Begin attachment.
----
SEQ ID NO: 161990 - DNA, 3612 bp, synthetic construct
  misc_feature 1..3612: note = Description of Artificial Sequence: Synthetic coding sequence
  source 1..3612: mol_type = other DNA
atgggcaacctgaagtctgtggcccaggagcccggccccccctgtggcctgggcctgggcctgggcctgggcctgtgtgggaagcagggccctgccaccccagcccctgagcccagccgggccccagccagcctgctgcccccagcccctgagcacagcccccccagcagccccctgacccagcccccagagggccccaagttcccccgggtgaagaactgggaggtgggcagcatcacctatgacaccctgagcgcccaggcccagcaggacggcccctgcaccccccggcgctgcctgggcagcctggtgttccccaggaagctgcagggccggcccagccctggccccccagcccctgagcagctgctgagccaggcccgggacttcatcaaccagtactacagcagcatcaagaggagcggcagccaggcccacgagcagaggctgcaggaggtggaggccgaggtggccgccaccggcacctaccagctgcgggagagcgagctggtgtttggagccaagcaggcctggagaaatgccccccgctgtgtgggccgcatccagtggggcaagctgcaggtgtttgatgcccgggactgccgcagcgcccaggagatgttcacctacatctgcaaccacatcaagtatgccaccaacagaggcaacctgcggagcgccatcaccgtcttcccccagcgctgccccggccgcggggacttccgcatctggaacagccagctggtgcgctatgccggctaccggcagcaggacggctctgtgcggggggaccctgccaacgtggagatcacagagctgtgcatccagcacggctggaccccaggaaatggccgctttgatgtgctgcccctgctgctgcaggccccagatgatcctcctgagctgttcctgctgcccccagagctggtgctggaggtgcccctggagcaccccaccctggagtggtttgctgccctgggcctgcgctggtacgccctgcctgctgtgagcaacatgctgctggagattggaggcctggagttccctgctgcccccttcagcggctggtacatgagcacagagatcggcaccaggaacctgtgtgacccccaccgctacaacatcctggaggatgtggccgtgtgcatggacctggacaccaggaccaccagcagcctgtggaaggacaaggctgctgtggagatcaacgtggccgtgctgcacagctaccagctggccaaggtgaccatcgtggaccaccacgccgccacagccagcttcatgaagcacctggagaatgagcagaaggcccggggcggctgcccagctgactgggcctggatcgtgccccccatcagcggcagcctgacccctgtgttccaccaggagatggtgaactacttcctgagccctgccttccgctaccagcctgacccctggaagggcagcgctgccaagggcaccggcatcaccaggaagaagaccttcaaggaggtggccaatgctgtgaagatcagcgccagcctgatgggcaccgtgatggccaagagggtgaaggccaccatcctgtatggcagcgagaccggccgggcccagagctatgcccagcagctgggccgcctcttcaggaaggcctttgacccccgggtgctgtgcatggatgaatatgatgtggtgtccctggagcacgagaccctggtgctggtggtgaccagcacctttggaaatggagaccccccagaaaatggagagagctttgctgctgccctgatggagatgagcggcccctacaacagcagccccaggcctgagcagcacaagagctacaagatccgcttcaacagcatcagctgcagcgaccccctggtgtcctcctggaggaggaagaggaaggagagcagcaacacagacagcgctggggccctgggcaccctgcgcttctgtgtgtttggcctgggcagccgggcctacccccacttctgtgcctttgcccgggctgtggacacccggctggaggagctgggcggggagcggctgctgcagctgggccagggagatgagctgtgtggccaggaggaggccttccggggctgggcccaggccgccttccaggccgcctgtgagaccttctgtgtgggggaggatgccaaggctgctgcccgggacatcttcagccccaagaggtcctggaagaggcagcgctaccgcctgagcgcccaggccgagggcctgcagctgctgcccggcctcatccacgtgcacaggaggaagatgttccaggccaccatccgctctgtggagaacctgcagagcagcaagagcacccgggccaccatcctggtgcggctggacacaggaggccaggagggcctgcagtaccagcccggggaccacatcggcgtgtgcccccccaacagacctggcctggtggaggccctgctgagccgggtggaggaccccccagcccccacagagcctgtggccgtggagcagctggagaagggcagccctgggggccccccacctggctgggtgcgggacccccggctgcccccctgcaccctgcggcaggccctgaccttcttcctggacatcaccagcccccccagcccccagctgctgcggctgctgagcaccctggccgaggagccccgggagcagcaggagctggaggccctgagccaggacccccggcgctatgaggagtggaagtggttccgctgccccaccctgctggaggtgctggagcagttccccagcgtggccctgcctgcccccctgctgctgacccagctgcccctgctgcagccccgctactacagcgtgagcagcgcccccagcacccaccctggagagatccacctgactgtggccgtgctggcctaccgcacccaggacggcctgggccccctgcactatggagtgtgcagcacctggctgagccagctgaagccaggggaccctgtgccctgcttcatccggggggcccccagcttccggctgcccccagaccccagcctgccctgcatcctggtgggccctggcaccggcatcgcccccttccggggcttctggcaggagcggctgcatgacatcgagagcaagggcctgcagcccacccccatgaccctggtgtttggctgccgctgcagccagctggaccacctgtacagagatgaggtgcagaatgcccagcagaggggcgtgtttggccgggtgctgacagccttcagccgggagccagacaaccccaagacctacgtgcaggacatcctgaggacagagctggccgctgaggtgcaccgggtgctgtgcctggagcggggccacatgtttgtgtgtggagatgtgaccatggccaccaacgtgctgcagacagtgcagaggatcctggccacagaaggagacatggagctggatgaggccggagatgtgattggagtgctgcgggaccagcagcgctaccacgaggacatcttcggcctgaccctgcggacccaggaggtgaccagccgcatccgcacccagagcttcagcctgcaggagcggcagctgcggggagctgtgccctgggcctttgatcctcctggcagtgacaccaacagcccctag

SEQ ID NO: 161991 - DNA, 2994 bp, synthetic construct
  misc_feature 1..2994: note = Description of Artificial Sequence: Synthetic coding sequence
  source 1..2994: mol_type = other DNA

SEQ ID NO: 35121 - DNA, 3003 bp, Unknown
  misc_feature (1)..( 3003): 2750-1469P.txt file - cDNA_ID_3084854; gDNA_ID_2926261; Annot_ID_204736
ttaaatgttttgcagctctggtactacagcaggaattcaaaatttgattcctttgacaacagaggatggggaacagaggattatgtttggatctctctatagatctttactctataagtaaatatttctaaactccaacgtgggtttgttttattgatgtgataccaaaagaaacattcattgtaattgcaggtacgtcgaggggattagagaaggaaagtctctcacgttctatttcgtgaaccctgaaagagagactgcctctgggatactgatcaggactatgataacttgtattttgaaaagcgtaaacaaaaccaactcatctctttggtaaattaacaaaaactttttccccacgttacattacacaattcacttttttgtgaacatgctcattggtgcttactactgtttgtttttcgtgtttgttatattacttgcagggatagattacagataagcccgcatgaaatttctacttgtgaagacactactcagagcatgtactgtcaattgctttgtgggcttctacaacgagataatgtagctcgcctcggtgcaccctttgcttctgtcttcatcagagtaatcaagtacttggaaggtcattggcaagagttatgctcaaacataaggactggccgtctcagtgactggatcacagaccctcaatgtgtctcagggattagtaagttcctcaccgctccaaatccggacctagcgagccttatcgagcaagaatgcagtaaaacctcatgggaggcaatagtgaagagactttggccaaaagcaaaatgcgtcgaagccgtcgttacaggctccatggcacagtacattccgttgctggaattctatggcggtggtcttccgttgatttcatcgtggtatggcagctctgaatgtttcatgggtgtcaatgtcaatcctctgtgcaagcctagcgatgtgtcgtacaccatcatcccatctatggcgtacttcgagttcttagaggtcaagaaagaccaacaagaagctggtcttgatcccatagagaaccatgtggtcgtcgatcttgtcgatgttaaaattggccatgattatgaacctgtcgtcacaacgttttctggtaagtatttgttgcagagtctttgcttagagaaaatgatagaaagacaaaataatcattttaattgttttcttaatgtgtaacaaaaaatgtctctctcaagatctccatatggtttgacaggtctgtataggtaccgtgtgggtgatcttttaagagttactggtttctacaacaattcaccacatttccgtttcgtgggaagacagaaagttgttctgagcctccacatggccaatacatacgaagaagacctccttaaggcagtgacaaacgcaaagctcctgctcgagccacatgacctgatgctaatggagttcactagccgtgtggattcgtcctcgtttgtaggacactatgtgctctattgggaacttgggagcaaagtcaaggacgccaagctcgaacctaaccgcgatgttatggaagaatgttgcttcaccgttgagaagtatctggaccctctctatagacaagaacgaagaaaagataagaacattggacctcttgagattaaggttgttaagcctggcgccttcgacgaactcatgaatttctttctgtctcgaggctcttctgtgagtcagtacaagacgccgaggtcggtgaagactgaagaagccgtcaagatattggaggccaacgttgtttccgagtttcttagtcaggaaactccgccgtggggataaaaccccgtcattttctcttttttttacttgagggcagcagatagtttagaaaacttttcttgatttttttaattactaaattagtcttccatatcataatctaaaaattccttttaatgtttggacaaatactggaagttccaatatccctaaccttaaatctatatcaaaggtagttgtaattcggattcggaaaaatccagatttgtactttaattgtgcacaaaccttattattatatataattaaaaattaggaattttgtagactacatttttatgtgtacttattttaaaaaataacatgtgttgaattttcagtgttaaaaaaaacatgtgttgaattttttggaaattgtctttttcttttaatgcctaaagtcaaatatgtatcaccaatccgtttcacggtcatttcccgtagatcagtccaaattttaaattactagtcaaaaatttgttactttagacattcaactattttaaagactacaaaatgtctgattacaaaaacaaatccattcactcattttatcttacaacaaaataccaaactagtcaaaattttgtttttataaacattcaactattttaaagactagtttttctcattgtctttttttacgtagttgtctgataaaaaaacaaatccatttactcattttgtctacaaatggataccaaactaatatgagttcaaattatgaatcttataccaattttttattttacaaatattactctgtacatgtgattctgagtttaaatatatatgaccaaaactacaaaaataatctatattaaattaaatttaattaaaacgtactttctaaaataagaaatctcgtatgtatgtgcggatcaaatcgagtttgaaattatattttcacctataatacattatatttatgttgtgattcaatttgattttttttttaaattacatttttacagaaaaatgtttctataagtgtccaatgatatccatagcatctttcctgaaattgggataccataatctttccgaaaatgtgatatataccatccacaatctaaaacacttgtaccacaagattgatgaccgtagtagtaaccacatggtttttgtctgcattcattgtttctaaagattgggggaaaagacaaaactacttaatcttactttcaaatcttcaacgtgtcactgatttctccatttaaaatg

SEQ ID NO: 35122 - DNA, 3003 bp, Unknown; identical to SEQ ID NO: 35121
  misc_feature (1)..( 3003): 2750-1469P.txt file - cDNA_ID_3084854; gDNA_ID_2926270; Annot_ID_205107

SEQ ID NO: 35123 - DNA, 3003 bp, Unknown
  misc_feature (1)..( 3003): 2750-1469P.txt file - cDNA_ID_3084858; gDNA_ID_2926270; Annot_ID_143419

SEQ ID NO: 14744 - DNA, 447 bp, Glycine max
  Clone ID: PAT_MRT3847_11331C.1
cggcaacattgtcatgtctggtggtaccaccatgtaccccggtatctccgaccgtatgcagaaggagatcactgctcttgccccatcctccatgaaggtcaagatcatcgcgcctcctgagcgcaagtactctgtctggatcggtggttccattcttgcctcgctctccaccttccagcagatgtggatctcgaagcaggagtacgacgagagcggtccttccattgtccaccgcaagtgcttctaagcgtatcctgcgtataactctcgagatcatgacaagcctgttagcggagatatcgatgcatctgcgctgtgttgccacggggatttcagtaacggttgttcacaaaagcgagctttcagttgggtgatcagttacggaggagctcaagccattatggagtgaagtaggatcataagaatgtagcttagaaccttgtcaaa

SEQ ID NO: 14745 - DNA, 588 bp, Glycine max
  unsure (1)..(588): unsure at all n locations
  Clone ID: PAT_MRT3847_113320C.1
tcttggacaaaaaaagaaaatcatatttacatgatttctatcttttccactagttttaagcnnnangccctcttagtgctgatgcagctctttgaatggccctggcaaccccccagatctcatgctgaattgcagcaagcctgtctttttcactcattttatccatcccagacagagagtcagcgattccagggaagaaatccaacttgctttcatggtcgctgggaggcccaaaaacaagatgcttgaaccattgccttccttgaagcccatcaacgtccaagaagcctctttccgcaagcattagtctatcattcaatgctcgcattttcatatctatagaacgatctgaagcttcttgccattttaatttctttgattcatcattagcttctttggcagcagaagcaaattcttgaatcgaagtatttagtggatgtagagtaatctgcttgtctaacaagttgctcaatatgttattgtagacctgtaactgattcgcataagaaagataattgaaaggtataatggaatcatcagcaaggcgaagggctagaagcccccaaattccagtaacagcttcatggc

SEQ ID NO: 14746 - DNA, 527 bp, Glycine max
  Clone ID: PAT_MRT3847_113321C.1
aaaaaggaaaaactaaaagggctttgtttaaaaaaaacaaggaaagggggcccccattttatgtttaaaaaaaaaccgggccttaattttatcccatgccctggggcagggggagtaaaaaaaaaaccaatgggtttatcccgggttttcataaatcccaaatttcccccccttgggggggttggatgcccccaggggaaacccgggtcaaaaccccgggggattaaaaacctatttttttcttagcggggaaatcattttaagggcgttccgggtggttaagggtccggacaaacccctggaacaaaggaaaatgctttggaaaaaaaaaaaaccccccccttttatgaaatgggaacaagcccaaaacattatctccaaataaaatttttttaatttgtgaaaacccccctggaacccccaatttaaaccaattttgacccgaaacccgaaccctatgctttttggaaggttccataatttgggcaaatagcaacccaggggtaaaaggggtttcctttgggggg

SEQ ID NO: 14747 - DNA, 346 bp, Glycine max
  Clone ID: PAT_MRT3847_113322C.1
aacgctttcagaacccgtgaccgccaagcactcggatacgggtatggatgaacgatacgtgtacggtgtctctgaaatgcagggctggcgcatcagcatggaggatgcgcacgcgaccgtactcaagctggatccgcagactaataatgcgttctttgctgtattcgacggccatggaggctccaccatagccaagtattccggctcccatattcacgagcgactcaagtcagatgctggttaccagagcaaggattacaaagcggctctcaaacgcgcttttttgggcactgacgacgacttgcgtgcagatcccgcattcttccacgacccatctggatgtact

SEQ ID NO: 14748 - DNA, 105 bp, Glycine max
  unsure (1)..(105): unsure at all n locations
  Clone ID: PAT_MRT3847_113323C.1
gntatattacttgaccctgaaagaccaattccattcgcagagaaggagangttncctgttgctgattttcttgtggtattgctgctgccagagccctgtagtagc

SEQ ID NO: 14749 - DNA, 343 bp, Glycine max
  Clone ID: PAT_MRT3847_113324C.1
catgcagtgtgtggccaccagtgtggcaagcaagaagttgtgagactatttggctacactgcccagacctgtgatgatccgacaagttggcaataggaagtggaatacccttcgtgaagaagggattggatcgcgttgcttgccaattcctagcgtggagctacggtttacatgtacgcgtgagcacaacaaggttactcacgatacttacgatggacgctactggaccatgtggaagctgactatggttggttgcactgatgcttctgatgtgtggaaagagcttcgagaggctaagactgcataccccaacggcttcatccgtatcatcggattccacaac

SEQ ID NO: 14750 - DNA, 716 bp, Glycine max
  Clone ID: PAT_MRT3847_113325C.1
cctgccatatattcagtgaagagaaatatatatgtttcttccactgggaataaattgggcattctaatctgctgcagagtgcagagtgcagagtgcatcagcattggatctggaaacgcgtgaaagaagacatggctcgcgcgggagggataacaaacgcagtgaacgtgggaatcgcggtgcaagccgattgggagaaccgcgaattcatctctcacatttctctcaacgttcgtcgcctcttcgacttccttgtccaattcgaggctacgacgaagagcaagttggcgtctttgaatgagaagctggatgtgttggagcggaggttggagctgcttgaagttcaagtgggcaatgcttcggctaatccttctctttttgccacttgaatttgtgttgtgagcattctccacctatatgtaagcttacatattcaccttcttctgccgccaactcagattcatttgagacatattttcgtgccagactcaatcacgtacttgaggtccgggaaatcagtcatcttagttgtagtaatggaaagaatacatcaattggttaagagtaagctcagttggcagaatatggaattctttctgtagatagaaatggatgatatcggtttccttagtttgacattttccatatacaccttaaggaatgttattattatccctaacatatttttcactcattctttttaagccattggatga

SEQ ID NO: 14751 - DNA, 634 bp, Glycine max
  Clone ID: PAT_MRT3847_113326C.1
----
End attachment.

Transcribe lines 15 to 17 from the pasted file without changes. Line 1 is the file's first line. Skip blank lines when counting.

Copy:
SEQ ID NO: 14744 - DNA, 447 bp, Glycine max
  Clone ID: PAT_MRT3847_11331C.1
cggcaacattgtcatgtctggtggtaccaccatgtaccccggtatctccgaccgtatgcagaaggagatcactgctcttgccccatcctccatgaaggtcaagatcatcgcgcctcctgagcgcaagtactctgtctggatcggtggttccattcttgcctcgctctccaccttccagcagatgtggatctcgaagcaggagtacgacgagagcggtccttccattgtccaccgcaagtgcttctaagcgtatcctgcgtataactctcgagatcatgacaagcctgttagcggagatatcgatgcatctgcgctgtgttgccacggggatttcagtaacggttgttcacaaaagcgagctttcagttgggtgatcagttacggaggagctcaagccattatggagtgaagtaggatcataagaatgtagcttagaaccttgtcaaa